It shares an adjoining wall with the building next to it, which they bought in 2002 and also restored. It is leased to Home Inspirations, a marketplace with 20 gift, vintage and antique vendors. Karen has a booth there.

There’s a cafe and collectibles at her fingertips. “It’s everything I envisioned,” she said.

Jim’s other passion is also downtown: he’s an avid Silvertips fan and so are their four great-grandsons, 13, 10, 4 and 2.

“I bought a four-door new truck so I could take my boys to the hockey games,” he said. The truck is wrapped in Silvertips logos.

In front of the cafe is a black-and-white sidewalk marquee that often says “Fish and Chips.”

“When we take it off, my fish sales go down,” Jim said. “It’s one of the few readerboards that’s still allowed. It was grandfathered in. You can’t hang a sign over the sidewalk like that anymore.”

The couple at one time also owned three other restaurants around Everett.

They learned from their mistakes.

“We print our own menus,” Jim said. “Years ago we had the menus at the Silver Lake cafe laminated. The second table the new menu went to, the customer said, ‘You’ve got a misspelled word.’ Tartar sauce was spelled wrong. So from then on we never laminated menus.”

The couple’s granddaughter, Amber Lang, began as a busgirl at age 15 and is the Vintage Cafe manager.

On the exposed brick walls are 15 of the same historic prints that Karen had made in 1976 for The Alley, depicting scenes such as a streetcar, fire station and The Everett Herald.

The sameness, the service and the food is the draw.

“The whole demeanor brings us back. You feel comfortable being here,” said Everett resident Don Skraitz, who often gets breakfast at lunch, along with a martini. “We love the staff.”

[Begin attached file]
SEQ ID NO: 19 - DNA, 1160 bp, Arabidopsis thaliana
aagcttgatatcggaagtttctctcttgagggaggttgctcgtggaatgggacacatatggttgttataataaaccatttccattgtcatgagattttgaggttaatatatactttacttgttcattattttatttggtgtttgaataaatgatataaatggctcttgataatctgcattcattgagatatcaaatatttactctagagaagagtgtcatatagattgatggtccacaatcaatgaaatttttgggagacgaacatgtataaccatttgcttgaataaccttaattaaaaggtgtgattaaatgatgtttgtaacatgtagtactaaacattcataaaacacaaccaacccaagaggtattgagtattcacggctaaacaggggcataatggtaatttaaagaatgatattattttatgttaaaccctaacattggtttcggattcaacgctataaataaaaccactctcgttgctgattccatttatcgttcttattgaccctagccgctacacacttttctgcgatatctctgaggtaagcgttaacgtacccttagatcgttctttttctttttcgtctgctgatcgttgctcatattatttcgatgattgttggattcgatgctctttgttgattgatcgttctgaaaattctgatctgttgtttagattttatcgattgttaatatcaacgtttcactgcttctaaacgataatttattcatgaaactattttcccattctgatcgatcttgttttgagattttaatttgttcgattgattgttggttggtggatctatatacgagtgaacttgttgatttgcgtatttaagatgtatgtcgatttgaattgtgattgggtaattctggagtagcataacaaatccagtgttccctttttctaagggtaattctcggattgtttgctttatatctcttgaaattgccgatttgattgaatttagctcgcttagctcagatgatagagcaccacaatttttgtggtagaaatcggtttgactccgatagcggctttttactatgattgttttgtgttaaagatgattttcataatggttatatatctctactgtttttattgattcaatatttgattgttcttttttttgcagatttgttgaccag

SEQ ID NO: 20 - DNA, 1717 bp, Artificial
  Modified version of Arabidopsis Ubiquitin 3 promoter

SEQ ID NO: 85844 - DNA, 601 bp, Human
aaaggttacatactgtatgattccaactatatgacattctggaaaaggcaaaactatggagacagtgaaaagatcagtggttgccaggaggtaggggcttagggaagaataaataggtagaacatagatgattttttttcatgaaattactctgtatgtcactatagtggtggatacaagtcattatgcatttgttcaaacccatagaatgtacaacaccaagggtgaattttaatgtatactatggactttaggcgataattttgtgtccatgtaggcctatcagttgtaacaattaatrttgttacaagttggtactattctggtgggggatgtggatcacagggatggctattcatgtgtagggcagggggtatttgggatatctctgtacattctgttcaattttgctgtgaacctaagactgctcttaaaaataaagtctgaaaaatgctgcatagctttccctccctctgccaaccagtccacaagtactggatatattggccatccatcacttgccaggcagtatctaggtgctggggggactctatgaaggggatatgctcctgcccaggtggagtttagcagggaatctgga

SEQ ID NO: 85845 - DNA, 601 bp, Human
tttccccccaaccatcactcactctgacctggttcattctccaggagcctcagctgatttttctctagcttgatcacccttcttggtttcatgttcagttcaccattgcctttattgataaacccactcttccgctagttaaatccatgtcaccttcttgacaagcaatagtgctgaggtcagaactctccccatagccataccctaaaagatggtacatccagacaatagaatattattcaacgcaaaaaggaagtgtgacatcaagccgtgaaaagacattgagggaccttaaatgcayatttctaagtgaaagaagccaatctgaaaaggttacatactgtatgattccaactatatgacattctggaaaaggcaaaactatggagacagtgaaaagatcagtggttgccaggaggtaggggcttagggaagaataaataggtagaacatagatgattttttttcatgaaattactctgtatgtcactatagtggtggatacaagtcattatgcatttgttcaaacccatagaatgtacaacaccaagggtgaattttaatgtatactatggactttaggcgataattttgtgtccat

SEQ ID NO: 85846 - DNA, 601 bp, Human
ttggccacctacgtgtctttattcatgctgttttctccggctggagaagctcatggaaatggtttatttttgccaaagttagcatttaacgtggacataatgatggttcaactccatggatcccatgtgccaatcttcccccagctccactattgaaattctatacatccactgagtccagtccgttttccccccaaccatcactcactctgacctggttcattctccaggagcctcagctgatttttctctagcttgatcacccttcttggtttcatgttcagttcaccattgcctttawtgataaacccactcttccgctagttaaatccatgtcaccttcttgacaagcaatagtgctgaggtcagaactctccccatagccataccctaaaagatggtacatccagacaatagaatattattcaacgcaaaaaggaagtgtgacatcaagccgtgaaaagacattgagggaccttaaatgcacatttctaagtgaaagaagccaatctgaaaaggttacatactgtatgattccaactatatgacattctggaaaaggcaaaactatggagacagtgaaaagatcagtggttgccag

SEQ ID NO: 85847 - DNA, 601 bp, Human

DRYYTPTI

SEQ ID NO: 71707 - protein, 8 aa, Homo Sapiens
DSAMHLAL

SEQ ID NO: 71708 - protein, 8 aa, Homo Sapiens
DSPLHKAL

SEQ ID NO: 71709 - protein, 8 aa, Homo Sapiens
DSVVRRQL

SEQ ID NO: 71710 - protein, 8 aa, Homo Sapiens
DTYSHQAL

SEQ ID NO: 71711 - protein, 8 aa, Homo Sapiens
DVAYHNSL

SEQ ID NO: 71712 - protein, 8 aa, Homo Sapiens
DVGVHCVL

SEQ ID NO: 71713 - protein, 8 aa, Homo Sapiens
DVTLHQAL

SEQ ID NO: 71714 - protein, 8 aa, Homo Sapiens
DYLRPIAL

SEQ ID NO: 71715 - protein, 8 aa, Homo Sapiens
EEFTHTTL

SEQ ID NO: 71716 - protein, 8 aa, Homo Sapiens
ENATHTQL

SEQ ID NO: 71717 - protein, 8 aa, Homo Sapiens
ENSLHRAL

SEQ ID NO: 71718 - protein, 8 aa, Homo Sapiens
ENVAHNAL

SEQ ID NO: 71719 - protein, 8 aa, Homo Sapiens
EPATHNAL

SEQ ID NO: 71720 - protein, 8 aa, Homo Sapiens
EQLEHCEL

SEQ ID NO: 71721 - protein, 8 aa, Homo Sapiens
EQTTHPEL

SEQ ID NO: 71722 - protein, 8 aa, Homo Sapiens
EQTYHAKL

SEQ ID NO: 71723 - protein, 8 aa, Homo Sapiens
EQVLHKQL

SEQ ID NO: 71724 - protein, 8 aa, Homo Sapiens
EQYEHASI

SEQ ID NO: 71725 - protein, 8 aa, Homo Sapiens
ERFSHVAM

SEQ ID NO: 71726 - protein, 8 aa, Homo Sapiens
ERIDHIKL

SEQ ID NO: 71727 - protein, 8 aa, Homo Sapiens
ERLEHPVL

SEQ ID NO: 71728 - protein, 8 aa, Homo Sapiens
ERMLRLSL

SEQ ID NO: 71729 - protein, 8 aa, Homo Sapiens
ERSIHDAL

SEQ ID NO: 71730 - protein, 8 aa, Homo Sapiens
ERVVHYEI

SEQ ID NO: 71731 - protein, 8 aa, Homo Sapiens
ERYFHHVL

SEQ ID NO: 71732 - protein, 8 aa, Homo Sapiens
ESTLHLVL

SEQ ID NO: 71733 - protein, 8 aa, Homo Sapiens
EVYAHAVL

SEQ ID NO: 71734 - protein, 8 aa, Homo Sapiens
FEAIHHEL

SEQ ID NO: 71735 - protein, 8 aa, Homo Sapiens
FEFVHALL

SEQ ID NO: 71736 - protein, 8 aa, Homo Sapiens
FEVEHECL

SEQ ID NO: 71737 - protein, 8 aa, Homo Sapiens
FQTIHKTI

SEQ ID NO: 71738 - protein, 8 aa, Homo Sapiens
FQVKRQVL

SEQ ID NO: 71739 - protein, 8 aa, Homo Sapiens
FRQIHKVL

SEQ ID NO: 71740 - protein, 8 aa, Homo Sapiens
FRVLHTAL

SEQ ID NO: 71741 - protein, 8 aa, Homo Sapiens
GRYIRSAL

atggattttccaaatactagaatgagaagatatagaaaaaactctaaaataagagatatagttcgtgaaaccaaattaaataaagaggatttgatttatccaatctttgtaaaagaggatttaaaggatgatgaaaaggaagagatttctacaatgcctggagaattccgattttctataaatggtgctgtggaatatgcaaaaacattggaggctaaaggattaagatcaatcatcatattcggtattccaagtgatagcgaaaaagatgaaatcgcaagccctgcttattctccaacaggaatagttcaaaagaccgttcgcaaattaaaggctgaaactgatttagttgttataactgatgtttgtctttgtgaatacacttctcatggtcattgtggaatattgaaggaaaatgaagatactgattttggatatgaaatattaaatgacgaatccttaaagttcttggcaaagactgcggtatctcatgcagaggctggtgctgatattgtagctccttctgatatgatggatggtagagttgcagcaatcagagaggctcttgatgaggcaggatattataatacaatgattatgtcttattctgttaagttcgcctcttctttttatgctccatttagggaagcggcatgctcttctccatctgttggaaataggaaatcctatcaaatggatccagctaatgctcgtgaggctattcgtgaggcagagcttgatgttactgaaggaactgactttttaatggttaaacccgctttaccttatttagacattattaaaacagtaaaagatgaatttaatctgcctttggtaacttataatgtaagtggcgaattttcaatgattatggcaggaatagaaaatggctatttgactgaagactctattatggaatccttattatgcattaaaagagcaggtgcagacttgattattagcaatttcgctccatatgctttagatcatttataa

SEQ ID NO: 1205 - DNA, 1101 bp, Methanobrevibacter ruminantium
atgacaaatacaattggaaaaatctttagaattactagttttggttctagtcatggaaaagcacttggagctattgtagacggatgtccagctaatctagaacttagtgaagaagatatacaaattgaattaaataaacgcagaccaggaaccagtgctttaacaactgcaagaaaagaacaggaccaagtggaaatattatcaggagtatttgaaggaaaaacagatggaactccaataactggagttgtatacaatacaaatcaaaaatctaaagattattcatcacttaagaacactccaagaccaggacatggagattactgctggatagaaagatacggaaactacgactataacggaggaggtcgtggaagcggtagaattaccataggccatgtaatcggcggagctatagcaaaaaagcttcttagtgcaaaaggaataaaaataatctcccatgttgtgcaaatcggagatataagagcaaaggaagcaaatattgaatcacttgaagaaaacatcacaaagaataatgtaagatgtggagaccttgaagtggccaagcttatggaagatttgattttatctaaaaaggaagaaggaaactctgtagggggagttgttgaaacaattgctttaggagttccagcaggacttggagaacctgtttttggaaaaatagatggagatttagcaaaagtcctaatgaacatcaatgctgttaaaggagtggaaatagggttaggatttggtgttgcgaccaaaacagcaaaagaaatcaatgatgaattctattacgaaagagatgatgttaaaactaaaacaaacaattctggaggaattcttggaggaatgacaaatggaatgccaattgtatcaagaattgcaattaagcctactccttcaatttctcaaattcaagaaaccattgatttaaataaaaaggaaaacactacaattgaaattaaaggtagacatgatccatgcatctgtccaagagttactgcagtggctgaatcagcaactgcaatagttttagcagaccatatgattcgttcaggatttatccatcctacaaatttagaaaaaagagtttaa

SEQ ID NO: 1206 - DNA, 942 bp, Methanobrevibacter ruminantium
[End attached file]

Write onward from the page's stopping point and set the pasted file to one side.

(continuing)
The servings are large but the prices aren’t, said another lunch regular, Christie Masterson of Mill Creek.

“The portions are big enough to share,” she said. “We shared the fish and chips and oftentimes we share the dips.”

One thing that isn’t shared: cocktails. “I’m partial to the Southern Peach,” she said.

Andrea Brown at 425-339-3443; abrown@heraldnet.com. Twitter: @reporterbrown.

Vintage Cafe

1510 Hewitt Ave., Everett; 425-252-8224; www.thevintagecafe.net.

Hours: 7 a.m. to 9 p.m. Sunday through Thursday; 7 a.m. to 10 p.m Saturday. Happy Hour, 3 to 6 p.m. daily.

Home Inspirations: 1502 Hewitt Ave.


The Hove Building was designed by Charles Hove in the early 1890s. The exterior walls are four bricks thick. The main floor had various businesses over the last 120-plus years, including a photo and art shop and a saloon. The adjoining storefront was a barber shop and The Olympic Café.

The Royal Hotel on the second floor originally housed 12 sleeping rooms. Two suites in the front corners had coal burning fireplaces and large luxury sleeping quarters. When the Monte Cristo Hotel was built in 1925, The Royal Hotel was converted into apartments.

During Prohibition, the Cave Ice Cream and Confection Store survived the times. After Prohibition, The Cave became one of the first licensed taverns in downtown Everett and continued until 1976 when it became The Alley, then Aaron’s and what is now Vintage Cafe.

Source: Vintage Cafe